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Nanotechnology: Fueling DNA nanomachines with light

  • 2010/05/27
A catalytic DNA molecule modified with photoactive units opens the door to photoregulated gene expression

Fig. 1: Schematic illustration showing the light-activated DNA nanomachine cleaving an RNA molecule. Under visible light (top), the azobenzene (yellow)-modified hairpin-shaped DNA molecule (purple) binds to the RNA strand (blue) but remains closed and inactive. Under UV light, it opens (middle) and cleaves the RNA strand (bottom).
c 2010 H. Asanuma, X.G. Liang

Nanotechnology has allowed the construction of many tiny structures with mechanical functions, such as single-molecule propellers and motors. Now, a team led by Hiroyuki Asanuma and Xingguo Liang from the Nagoya University GCOE for Chemistry has designed a DNA-based nanomachine that binds and cleaves single-strand RNA molecules using light1. Many researchers have exploited the ability of single DNA strands to spontaneously hybridize with their complementary strands for the preparation of complex DNA nanomachines. However, such machines often require a constant supply of chemical inputs to function, and these 'molecular fuels' generate by-products that accumulate as waste, restricting their practical use. Asanuma and his team got round this problem by choosing light as a clean energy source to power their DNA nanomachine. At the heart of their new ultra-small device is a hairpin-shaped catalytic DNA molecule called a DNAzyme, which can cleave RNA strands. By modifying the DNAzyme with organic azobenzene compounds -- molecules that can reversibly switch geometric arrangements when exposed to certain wavelengths of light -- the researchers were able to controllably open and close the hairpin catalyst using optical techniques. Asanuma and his team found that the azobenzene units adopted a planar, linear geometry under visible light, keeping the hairpin tightly closed and inactive. Under ultraviolet (UV) light, the same materials changed into non-planar crescent shapes. This UV light-induced change in geometry caused the hairpin to open, activating the DNAzyme (Fig. 1). The team also found that they could repeat this open-close cycle many times by illuminating the nanomachine alternately with UV and visible light, without affecting the catalytic activity. "Planar azobenzene stabilizes the duplex by stacking interactions whereas non-planar azobenzene greatly destabilizes it by steric hindrance, resulting in the reversible and complete photoregulation of DNA," says Asanuma. The researchers observed that their DNA nanomachine was 15-40 times more active under UV light than under visible light, cleaving more strands of RNA. They also tested the catalytic activity towards different RNA sites and discovered that their modified DNAzyme cleaved sites that resisted the original DNAzyme. According to Asanuma, previous attempts at combining azobenzene and DNAzymes were too specific. "Our strategy is versatile enough to be applicable to other DNAzymes because the geometry change is based on reversible hybridization," says Asanuma. The researchers believe that their DNA nanomachine could control gene expression in living cells. What's more, they are currently investigating other light-responsive systems that could store and deliver drugs, proteins, or other molecules to specific targets.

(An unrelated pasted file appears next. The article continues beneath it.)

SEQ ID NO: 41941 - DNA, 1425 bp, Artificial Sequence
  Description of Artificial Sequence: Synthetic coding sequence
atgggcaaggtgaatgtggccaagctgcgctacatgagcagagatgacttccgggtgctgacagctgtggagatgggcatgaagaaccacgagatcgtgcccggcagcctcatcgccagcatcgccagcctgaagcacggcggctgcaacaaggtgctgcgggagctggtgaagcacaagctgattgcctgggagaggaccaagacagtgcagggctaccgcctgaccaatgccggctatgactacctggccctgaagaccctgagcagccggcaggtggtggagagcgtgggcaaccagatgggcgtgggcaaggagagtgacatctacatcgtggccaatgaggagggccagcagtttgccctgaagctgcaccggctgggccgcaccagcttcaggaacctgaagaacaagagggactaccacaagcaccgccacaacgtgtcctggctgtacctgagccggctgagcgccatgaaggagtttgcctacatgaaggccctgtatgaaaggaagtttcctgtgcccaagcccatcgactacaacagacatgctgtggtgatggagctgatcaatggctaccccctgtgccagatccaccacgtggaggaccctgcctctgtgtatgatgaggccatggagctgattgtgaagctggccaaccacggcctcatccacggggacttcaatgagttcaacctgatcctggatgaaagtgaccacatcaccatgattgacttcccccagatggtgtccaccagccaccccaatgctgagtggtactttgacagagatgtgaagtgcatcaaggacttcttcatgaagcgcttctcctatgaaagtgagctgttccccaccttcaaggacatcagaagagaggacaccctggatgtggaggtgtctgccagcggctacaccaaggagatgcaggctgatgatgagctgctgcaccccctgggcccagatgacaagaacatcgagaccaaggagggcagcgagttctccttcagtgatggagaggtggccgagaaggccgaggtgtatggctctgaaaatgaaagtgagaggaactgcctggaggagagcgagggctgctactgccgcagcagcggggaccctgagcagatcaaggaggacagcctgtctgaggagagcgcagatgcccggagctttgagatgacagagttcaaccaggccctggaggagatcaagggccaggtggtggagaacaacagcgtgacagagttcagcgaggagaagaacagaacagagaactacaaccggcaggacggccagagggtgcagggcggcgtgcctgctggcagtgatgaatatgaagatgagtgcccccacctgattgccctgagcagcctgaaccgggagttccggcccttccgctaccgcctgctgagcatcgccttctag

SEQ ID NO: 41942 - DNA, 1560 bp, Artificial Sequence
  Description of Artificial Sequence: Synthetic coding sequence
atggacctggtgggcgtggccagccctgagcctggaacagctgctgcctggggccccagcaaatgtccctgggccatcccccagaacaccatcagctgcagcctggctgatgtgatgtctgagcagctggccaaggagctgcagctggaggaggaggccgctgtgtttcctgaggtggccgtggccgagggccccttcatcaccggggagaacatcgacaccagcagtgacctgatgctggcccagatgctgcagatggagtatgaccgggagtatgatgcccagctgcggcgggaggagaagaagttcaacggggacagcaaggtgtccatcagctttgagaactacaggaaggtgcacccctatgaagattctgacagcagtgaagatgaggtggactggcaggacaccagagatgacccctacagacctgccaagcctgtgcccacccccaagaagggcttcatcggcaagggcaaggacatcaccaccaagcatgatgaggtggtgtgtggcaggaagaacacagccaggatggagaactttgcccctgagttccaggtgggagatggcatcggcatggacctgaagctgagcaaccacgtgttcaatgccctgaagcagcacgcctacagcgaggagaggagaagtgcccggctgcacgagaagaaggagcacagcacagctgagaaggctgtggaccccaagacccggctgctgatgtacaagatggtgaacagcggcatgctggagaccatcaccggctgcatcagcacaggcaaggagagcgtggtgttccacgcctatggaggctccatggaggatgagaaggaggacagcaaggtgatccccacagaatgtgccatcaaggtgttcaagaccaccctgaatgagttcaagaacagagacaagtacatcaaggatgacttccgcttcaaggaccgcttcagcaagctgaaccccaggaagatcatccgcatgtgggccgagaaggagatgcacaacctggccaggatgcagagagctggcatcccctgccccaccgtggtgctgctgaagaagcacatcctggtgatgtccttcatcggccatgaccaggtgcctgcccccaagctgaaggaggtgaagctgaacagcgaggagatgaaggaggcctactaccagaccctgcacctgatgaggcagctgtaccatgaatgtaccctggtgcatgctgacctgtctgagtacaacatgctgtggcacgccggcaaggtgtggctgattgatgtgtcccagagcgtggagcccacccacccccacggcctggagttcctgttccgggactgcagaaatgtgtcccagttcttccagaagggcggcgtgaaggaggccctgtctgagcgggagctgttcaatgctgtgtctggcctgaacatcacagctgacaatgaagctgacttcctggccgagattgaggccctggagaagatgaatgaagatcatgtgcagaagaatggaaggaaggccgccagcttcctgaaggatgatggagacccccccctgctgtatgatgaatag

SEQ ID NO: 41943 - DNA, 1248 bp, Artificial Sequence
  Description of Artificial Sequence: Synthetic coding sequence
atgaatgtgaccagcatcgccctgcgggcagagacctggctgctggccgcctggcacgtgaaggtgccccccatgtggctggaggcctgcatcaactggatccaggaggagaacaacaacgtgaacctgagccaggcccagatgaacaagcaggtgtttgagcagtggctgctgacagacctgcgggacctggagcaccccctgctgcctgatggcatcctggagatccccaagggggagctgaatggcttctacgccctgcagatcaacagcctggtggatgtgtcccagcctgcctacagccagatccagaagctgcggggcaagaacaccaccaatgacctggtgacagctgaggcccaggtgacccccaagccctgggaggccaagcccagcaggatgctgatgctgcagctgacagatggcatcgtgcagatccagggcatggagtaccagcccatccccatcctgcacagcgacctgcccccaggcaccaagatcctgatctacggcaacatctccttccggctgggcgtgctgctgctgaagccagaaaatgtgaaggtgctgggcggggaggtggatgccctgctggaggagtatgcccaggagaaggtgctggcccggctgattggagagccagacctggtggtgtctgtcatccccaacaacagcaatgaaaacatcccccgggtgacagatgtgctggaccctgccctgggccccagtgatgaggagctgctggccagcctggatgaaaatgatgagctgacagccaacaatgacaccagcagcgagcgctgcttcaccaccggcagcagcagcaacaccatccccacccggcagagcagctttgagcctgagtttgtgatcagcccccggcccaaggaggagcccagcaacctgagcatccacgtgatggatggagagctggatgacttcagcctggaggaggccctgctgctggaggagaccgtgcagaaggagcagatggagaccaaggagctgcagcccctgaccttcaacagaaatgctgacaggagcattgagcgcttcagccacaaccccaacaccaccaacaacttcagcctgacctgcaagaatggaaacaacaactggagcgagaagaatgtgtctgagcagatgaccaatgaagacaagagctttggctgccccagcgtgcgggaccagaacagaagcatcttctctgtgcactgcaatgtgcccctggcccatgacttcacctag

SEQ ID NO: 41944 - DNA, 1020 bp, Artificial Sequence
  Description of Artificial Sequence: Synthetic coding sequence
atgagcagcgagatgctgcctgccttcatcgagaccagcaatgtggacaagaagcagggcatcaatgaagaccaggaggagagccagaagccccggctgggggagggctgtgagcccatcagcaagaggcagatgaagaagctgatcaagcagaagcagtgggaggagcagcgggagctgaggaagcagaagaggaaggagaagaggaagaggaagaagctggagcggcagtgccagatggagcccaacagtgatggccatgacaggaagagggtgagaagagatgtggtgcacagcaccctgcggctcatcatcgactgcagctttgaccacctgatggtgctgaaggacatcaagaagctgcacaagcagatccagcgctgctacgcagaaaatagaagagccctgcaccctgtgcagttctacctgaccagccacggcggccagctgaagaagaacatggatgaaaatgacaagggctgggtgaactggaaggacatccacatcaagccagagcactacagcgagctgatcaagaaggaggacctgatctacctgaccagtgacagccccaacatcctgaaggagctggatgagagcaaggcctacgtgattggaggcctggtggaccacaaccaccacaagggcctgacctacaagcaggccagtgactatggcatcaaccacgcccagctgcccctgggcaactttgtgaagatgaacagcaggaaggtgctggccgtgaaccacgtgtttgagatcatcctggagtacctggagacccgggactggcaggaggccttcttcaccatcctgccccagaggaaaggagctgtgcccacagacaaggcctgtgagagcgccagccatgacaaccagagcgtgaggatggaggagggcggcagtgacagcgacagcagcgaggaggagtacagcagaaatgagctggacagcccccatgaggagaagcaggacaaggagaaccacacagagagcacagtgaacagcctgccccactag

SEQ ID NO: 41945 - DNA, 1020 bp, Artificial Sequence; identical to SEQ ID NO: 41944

Affiliated Researchers

The Nagoya University affiliated authors mentioned in this highlight are from the Elucidation and Design of Materials and Molecular Functions GCOE program of the Department of Chemistry.

  1. Zhou, M., Liang, X., Mochizuki, T. & Asanuma, H. A light-driven DNA nanomachine for the efficient photoswitching of RNA digestion. Angew. Chem. Int. Ed. 49, 2167-2170 (2010). | article


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